Violence-related knife injuries in a UK city; epidemiology and impact on secondary care resources.

Malik, Nabeela S, Munoz, Beau, de Courcey, Cynthia, Imran, Rizwana, Lee, Kwang C, Chernbumroong, Saisakul, Bishop, Jonathan, Lord, Janet M, Gkoutos, George, Bowley, Douglas M and Foster, Mark A (2020) Violence-related knife injuries in a UK city; epidemiology and impact on secondary care resources. EClinicalMedicine, 20. p. 100296. ISSN 2589-5370.

[img]
Preview
Text
main(1).pdf

Download (1MB) | Preview
Official URL: https://linkinghub.elsevier.com/retrieve/pii/S2589...

Abstract

Background

The incidence of knife-related injuries is rising across the UK. This study aimed to determine the spectrum of knife-related injuries in a major UK city, with regards to patient and injury characteristics. A secondary aim was to quantify their impact on secondary care resources.

Methods

Observational study of patients aged 16+ years admitted to a major trauma centre following knife-related injuries resulting from interpersonal violence (May 2015 to April 2018). Patients were identified using Emergency Department and discharge coding, blood bank and UK national Trauma Audit and Research prospective registries. Patient and injury characteristics, outcome and resource utilisation were collected from ambulance and hospital records.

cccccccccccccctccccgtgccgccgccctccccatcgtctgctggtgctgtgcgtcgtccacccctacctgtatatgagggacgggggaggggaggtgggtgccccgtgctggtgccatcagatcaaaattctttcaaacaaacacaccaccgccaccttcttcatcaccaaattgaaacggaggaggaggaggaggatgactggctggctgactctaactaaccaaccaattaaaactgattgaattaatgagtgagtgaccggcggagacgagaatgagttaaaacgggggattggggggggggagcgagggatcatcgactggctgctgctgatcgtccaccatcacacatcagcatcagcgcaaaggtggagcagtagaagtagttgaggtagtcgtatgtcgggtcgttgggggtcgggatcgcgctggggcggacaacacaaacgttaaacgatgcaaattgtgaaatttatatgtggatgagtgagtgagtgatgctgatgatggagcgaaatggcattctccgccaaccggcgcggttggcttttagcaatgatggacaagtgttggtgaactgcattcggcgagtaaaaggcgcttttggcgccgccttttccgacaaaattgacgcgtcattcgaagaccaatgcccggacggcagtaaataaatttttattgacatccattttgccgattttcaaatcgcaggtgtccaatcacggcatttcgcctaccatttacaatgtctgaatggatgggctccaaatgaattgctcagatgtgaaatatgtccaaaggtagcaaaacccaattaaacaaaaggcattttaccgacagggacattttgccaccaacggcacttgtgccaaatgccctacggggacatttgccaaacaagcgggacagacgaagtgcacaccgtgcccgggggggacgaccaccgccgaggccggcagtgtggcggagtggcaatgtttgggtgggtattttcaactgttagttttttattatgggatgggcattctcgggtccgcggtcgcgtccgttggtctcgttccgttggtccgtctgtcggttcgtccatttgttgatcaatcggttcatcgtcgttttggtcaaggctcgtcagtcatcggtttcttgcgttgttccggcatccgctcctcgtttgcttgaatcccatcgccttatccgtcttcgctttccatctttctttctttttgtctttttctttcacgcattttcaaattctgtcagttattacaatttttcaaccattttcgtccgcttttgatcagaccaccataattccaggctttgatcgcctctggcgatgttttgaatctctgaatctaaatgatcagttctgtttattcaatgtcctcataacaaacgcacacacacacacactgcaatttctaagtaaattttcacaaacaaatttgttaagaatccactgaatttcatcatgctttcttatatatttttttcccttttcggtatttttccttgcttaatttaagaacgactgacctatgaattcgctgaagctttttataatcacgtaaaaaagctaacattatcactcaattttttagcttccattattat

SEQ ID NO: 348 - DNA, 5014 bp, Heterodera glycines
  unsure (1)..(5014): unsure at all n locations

Findings

532 patients were identified; 93% male, median age 26 years (IQR 20-35). Median injury severity score was 9 (IQR 3-13). 346 (65%) underwent surgery; 133 (25%) required intensive care; 95 (17·9%) received blood transfusion. Median length of stay was 3·3 days (IQR 1·7-6·0). In-hospital mortality was 10/532 (1·9%). 98 patients (18·5%) had previous attendance with violence-related injuries. 24/37 females (64·9%) were injured in a domestic setting. Intoxication with alcohol (19·2%) and illicit drugs (17·6%) was common. Causative weapon was household knife in 9%, knife (other/unspecified) in 38·0%, machete in 13·9%, small folding blade (2·8%) and, unrecorded in 36·3%.

Interpretation

Knife injuries constitute 12·9% of trauma team workload. Violence recidivism and intoxication are common, and females are predominantly injured in a domestic setting, presenting opportunities for targeted violence reduction interventions. 13·9% of injuries involved machetes, with implications for law enforcement strategies.

Item Type: Article
Subjects: WB Practice of medicine
WO Surgery
Divisions: Ambulatory Care > Theatres
Clinical Support > Critical Care
Planned IP Care > General Surgery
Related URLs:
Depositing User: Mr Philip O'Reilly
Date Deposited: 30 Apr 2020 13:48
Last Modified: 30 Apr 2020 13:48
URI: http://www.repository.uhblibrary.co.uk/id/eprint/3021

Actions (login required)

View Item View Item